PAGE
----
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Music Reviews

Screaming Females - Castle Talk
»Screaming Females
Castle Talk
Don Giovanni
Trent Reznor & Atticus Ross - The Social Network [Original Soundtrack]
»Trent Reznor & Atticus Ross
The Social Network [Original Soundtrack]
The Null Corporation
Deerhunter - Halcyon Digest
Halcyon Digest
No Age - Everything in Between
»No Age
Everything in Between
Sub Pop
Robyn - Body Talk Pt. 1/ Body Talk Pt. 2
Body Talk Pt. 1/ Body Talk Pt. 2
The Walkmen - Lisbon
»The Walkmen
Fat Possum
Hilken Mancini and Chris Colbourn
Hilken Mancini and Chris Colbourn

Rating: 7/10 ?

February 24, 2006
The piano is sad and it kind of stumbles in parts, and the gently plucked acoustic guitar has a hopeful, madrigal quality to it. Into the comforting arms of this minimal accompaniment, Chris Colbourn falls, singing, "I'll paint our sad career" in the forlorn finale to the self-titled album he recorded with Hilken Mancini in late 2005. If the irony doesn't hit you like an avalanche, you don't know your Boston indie scene history.

In the '90s, Mancini fronted the Beantown jangle-pop outfit Fuzzy with Chris Toppin, scoring a minor hit with "Flashlight," a shooting star of a song that turned the heads of many a major label executive. A few years later, Tag/Atlantic, in the midst of a corporate restructuring boondoggle, dropped Fuzzy and the band never recaptured the magic. Meanwhile, across town, Buffalo Tom, with Colbourn on bass and vocals, was making no-frills, heartfelt, meat-and-potatoes rock - mixed with a few folk-inflected ballads and Americana accents - for the "man" and going nowhere fast. Big Red Letter Day, the glossy rouged whore of Buffalo Tom's catalog, tried like hell to be the next Born To Run, but label heads found the limp sales discouraging. Two more proper albums followed, along with a greatest hits collection and a b-sides offering, but Buffalo Tom, still together and reportedly planning another studio release, had lost its momentum and a lot of its following.

Titled "Our Sad Career," that last song could be an epithet for Mancini and Colbourn, but to their credit, they're not ready to call it a day. Out of the blue, the two resurfaced in late 2005, collaborating as a duo on an album of tight, winsome indie-pop full of sharp, wonderfully constructed hooks and blue-sky melodies that remind you of Belly and Julianna Hatfield, or even The Spinanes. The downside is, their inventory of songs is a little thin, as was the case in their salad days. For every crunchy, satisfying rocker like "I Will Die" or swooning, sophisticated pop swan like "Hannah," there's the faceless strum and alkaline, off-putting choruses of "Party Town" and "In My Arms," and the somewhat flaccid melodrama of "Moonbeams," a slight disappointment despite all the marbled beauty of its piano. It's not that they're bad songs. It's just that you get the sense they didn't turn out like Mancini and Colbourn planned, that somewhere in the recording process they lost their personality and soul.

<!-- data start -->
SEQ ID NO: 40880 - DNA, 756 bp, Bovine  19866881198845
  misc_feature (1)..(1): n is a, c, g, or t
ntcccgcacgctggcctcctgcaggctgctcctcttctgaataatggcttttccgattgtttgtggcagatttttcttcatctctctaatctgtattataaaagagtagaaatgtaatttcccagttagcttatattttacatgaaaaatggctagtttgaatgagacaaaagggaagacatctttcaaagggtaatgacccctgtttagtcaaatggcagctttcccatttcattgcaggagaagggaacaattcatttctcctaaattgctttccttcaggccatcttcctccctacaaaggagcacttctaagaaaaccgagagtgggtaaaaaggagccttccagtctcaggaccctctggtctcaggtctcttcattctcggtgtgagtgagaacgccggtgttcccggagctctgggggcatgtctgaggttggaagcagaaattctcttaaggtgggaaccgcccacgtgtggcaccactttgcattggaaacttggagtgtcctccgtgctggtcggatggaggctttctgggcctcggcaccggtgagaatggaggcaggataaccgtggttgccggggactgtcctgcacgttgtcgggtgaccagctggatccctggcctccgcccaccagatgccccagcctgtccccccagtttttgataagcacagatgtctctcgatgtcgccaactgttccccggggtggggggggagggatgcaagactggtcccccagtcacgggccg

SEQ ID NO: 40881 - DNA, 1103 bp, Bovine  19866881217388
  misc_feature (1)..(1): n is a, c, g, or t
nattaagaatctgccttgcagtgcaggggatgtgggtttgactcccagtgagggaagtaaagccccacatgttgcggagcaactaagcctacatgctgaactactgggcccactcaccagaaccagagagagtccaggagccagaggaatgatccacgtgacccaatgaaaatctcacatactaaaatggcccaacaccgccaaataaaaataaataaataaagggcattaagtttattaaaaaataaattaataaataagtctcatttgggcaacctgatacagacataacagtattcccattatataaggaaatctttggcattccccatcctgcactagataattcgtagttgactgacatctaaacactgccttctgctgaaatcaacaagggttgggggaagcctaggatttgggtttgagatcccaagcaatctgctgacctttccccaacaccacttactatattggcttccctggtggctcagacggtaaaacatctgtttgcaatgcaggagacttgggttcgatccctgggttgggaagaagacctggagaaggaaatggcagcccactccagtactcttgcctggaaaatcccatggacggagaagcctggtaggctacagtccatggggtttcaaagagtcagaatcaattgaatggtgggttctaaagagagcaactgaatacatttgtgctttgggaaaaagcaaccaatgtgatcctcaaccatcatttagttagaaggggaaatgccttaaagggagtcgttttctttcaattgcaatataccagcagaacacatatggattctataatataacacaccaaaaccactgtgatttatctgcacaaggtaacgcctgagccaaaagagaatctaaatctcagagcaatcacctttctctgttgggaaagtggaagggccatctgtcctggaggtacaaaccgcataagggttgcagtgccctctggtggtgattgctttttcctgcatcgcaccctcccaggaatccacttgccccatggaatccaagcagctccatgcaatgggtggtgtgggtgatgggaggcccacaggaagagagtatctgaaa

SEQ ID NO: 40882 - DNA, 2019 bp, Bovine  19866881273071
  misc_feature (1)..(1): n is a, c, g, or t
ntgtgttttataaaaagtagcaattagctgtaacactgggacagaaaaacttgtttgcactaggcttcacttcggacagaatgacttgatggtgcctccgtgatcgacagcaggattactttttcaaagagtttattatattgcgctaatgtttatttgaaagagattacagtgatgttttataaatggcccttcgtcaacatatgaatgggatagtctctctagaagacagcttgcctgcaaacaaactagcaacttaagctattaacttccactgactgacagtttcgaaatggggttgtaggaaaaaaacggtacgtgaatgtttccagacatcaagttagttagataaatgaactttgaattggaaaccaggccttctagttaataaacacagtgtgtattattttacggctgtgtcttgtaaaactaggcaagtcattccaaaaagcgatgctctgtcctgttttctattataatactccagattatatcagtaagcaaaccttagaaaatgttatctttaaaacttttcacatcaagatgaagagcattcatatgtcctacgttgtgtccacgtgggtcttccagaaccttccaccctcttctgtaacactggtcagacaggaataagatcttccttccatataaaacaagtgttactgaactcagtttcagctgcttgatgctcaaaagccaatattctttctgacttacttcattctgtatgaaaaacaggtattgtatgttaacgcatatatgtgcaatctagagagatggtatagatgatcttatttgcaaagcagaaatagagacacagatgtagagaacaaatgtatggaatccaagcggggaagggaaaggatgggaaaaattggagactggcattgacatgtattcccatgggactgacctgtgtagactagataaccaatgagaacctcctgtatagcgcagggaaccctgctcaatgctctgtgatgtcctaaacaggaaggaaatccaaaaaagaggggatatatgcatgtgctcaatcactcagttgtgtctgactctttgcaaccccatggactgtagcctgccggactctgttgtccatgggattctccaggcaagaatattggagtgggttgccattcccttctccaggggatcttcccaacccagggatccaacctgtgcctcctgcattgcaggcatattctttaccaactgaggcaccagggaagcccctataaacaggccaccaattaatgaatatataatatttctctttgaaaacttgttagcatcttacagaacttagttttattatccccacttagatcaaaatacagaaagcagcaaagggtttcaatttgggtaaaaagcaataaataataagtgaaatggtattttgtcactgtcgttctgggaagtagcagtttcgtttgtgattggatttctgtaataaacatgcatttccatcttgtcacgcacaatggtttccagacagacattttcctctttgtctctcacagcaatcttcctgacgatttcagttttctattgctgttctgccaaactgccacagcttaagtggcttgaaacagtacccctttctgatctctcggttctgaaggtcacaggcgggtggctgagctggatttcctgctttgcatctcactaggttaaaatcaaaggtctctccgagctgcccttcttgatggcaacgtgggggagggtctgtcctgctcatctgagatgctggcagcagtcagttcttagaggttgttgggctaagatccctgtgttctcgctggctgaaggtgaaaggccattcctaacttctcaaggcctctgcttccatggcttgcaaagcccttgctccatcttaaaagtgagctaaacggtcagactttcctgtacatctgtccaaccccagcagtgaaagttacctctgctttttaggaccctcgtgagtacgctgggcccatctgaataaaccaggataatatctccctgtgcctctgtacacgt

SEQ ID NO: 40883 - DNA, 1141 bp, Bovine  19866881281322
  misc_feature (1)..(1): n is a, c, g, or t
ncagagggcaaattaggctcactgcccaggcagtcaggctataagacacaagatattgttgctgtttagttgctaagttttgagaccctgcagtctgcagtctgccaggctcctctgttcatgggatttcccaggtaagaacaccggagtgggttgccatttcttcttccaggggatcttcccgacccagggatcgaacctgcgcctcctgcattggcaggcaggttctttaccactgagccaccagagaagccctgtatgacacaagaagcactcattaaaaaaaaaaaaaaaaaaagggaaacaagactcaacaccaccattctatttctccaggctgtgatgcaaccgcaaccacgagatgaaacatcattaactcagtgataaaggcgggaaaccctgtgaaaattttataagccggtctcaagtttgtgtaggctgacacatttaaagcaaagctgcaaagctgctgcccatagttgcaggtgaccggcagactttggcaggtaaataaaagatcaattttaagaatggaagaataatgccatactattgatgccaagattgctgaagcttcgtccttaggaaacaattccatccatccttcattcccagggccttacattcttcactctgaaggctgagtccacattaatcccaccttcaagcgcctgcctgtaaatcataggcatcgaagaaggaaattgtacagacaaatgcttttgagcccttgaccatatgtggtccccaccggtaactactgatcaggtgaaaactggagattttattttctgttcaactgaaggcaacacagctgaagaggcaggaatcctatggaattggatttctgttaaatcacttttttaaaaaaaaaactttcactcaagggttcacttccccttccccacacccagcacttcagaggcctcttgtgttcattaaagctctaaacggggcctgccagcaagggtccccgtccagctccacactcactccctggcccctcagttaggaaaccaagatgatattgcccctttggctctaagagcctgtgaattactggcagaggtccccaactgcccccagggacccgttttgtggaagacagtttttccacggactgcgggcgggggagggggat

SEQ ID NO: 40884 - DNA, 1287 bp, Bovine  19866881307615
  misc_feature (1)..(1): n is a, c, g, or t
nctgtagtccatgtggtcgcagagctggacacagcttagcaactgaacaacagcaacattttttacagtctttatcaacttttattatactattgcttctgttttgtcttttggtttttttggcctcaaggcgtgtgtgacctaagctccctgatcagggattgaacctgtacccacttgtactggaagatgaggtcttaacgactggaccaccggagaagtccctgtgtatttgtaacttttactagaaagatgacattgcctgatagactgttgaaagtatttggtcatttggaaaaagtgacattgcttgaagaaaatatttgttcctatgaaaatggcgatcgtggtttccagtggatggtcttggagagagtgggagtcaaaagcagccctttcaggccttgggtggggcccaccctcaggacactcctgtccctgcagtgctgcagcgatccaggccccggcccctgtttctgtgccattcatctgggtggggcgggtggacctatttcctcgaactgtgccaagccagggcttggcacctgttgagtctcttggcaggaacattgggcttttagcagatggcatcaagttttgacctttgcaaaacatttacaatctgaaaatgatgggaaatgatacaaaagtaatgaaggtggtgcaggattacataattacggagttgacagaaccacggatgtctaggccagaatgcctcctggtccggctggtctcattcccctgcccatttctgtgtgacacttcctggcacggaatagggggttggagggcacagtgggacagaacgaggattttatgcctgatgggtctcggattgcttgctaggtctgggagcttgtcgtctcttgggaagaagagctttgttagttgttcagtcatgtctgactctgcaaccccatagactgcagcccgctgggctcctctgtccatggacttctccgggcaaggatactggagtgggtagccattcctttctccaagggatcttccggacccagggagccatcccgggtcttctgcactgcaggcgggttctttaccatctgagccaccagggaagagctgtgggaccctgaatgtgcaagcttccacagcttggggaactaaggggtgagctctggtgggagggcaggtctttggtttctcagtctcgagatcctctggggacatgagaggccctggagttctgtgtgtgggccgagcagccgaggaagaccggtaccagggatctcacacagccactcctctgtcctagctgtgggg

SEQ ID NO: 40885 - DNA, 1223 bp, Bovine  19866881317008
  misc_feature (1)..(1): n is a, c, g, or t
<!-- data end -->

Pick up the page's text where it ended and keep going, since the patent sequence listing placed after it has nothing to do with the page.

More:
Undoubtedly, the highlight is the glorious "Wedding Cake," a golden piece of frosted pop perfection that shows Mancini still knows how to craft a hook. Colbourn takes his turn with the slight country twang and Teenage Fanclub-inspired melody of "Situations Count!," which makes you believe that he still has a future beyond settling down and playing county fairs with Bill Janovitz.

For the most part, Mancini and Colbourn play to their strengths here. When Mancini takes lead vocals, the songs sound a lot like Fuzzy, only a little warmer and more grown up. You get the sweet taste of "Wedding Cake" and icing at the corner of your mouth, and then the prickly rosebush called "Life Is A Trick" cuts you till you bleed. Colbourn, on the other hand, offers big, sweeping acoustic guitars with more benign, but no less engaging hooks, like those of "Saint Agnes Eve." And when he grabs the mike, it's a blue-blooded Buffalo Tom, faded sweatshirts and Harvard Square in fall you hear. To longtime fans of both, this will come as welcome news. Staying the course is always the safest bet. That's the smart career move.

Reviewed by Peter Lindblad
Peter Lindblad lives in Appleton, Wis., and bleeds green and gold just like all the Packer fan nutjobs in the area. He does draw the line at wearing blocks of chedder on his head, or any other body parts for that matter, though. His professional career has taken weird twists and turns that have led him to his current position as an editor at a coin magazine. He hopes his stay there will be a short one. Before that, he worked as an associate editor at a log home magazine. To anyone that will listen, he\'ll swear that Shiner was one of the greatest rock bands to ever walk the earth. Yet he also has much love for Superchunk, Spoon, DJ Shadow, Swervedriver, Wilco, Fugazi, Jawbox, ... And You Will Know Us By The Trail Of Dead, Queens Of The Stone Age, and Modest Mouse, among others.

See other reviews by Peter Lindblad



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